Nuclear tests conducted by France in the Algerian desert between 1960 and 1966 to enhance its nuclear capabilities

, and thanks to which it was able to enter the club of nuclear states after the United States of America, the Soviet Union and Britain.

Historical context

France emerged victorious from World War II, but its dignity was undermined, and the specter of the Nazi occupation and the possibility of its replication at the hands of another foreign power became the biggest concern for political leaders.

Proceeding from that;

Since 1954, France has embarked on a nuclear program that was considered the mission of an ambitious French nuclear program that was in its early stages in 1939, but the Nazi occupation killed it in its cradle.

The French Prime Minister at the time, Pierre Mendes, ordered France to start establishing a nuclear test center in early 1957, and the French islands in the Pacific and Atlantic oceans (such as La Reunion, Polynesia, and Passage) that would later host important stages of the French nuclear program were at the top of the candidate sites for the project.

However, logistical obstacles prevented experiments from being conducted in those distant islands, so thinking about the vast and sparsely populated Algerian Sahara began.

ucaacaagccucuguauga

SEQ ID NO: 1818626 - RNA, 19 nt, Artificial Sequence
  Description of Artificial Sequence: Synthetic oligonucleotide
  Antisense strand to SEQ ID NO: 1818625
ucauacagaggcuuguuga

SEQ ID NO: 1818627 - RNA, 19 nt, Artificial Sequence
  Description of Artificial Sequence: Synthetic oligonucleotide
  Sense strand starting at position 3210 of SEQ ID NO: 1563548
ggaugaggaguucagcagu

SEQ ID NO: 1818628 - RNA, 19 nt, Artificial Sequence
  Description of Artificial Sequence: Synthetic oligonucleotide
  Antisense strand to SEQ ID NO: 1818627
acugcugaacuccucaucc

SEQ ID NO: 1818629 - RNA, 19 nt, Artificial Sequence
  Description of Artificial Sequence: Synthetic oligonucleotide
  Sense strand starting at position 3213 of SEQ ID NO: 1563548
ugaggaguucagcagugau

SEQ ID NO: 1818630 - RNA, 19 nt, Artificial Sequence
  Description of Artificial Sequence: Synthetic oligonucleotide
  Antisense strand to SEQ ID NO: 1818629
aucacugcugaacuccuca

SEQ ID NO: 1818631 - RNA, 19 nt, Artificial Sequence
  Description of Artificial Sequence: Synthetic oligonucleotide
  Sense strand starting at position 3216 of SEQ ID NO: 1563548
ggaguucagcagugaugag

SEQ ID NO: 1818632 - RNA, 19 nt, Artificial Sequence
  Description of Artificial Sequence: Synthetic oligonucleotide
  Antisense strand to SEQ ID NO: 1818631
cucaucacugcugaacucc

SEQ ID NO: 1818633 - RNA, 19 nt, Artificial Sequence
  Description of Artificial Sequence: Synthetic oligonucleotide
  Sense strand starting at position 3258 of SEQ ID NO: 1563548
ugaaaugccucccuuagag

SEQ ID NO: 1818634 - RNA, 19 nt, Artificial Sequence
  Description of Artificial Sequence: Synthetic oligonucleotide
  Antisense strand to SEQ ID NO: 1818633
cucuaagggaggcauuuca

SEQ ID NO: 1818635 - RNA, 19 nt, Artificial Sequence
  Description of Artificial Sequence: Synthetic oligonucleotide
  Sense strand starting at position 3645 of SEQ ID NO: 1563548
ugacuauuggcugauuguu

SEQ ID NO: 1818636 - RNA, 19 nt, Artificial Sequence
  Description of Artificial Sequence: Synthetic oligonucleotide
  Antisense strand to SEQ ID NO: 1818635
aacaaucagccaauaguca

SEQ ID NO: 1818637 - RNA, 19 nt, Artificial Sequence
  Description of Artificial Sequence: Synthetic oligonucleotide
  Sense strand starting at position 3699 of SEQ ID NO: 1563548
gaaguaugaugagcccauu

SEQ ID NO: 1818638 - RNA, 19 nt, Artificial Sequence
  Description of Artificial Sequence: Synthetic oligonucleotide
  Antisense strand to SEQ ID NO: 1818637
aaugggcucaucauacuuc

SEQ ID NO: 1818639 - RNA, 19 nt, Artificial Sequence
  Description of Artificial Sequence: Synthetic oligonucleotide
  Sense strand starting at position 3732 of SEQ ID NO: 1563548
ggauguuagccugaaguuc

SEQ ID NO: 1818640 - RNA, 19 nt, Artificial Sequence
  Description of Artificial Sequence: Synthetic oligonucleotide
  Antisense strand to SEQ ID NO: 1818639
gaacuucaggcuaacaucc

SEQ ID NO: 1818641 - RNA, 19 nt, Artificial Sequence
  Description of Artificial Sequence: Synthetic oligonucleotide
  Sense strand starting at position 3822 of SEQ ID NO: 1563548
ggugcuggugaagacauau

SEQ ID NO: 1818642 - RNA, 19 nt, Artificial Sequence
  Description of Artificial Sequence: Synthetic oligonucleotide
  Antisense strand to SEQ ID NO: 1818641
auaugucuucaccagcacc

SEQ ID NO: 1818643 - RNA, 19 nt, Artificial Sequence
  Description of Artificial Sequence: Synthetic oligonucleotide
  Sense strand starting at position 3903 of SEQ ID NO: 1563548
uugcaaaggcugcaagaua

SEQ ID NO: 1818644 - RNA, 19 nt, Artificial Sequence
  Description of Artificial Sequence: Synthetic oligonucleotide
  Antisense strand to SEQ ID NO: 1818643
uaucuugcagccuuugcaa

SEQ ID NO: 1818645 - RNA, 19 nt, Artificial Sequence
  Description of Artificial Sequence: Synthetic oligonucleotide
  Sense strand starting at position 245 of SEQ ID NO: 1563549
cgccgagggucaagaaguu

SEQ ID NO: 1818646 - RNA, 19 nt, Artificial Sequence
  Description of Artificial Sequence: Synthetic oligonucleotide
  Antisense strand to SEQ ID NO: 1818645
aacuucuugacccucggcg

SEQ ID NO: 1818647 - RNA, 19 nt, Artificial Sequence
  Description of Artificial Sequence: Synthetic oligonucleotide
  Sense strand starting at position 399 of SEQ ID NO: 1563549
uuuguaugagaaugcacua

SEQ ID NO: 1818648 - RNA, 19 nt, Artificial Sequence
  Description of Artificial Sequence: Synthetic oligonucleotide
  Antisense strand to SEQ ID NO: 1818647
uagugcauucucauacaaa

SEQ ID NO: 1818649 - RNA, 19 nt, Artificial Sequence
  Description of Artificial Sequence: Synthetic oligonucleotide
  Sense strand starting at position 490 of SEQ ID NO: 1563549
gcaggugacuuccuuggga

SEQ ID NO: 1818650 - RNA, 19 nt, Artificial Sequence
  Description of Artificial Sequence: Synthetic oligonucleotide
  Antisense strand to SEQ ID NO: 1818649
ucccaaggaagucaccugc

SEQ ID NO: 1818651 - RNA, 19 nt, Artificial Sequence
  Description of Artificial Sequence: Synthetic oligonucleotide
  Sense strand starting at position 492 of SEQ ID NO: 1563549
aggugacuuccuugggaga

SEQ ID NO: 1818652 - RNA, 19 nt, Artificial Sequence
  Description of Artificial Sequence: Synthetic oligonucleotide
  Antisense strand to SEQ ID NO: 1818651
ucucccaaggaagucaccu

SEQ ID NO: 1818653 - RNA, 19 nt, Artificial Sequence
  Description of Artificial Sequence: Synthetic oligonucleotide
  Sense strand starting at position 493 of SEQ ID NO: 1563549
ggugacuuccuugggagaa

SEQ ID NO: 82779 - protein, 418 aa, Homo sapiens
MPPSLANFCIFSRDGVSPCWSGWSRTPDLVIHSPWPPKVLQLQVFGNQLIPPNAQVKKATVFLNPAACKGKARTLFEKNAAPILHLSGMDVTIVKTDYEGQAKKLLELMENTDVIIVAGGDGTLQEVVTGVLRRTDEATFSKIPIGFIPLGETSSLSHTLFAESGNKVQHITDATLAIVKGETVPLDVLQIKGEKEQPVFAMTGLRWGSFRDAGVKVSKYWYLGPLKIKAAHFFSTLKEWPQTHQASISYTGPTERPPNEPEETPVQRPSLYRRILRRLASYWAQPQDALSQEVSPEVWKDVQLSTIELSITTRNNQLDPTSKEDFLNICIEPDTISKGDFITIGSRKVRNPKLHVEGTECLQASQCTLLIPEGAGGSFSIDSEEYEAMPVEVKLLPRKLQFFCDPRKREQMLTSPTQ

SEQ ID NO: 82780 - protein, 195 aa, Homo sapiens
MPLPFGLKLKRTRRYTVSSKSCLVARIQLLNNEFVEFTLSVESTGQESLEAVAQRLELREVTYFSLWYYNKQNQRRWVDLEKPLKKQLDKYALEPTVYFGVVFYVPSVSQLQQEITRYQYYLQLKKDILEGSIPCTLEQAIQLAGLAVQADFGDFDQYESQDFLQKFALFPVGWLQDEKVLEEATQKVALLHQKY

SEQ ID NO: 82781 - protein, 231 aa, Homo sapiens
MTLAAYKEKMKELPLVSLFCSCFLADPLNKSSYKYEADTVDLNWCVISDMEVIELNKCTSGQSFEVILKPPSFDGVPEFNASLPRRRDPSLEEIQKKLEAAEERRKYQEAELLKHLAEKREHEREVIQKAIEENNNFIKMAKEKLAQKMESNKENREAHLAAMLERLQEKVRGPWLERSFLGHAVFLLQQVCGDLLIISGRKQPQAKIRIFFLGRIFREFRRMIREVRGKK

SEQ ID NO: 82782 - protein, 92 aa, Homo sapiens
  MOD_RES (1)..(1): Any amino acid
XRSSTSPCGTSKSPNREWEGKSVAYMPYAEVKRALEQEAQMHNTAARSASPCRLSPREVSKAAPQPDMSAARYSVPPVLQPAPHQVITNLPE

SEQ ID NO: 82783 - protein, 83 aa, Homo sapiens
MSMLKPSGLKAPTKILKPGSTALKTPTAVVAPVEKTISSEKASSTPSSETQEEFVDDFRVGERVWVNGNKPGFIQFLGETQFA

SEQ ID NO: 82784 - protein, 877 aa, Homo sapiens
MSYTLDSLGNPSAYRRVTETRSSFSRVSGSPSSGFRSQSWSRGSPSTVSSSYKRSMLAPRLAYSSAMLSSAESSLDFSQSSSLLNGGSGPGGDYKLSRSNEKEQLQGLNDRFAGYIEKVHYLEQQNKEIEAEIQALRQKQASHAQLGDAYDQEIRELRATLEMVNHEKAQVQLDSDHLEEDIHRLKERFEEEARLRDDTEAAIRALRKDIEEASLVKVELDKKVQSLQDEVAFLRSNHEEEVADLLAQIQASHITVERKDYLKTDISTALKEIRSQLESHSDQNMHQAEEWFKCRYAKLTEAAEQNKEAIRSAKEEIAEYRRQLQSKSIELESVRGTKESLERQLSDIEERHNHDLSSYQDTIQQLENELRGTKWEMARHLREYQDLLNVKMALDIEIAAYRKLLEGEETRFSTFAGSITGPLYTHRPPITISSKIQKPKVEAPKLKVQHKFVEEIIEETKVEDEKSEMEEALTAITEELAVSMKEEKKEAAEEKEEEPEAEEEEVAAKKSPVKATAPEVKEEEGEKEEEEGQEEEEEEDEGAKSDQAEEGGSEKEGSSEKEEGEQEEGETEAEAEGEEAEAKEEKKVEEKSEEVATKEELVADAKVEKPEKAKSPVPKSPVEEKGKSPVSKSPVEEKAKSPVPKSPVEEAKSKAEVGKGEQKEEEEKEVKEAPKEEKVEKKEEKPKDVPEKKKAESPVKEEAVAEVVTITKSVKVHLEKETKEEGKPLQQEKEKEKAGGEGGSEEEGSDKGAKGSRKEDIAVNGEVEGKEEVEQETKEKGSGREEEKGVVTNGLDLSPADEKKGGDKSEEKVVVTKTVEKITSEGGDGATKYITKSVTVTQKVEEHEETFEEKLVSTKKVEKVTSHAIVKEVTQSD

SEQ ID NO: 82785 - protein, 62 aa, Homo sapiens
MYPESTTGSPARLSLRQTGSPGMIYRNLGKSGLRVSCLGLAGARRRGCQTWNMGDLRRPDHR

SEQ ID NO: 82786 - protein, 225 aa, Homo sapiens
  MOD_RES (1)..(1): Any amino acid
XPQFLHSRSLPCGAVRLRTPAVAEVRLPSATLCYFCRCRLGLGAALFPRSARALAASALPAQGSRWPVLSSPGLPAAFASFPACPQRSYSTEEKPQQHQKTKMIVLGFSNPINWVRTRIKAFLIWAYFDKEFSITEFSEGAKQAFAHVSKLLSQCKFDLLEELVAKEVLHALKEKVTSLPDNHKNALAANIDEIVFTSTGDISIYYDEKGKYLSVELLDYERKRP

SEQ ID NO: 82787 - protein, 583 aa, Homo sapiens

Reasons for the selection

As work began to explore opportunities for testing in the Pacific or the Atlantic, problems arose in the transportation of nuclear materials and sensitive equipment to test sites.

At that stage, aviation had not reached the level of sophistication to enable the transport of cargo to La Reunion, transit or Polynesia without the need for a technical stopover on foreign soil, which is totally unacceptable for security reasons.

In light of this, the choice fell on the relatively close Algerian Sahara, which is still part of France abroad at that day.

Thus, the choice fell on the "Reggan" region, which is located in the state of Bechar, about 1,500 km southwest of the capital, Algiers, and the construction of an experimental track was launched in November 1957.

The Blue Jerboa,

the first French nuclear test in Algeria was called the "Blue Jerboa", and it took place on February 13, 1960 under the direct supervision of then-French President Charles de Gaulle, and the detonation on the surface was five times the intensity of the explosion caused by the Hiroshima bomb.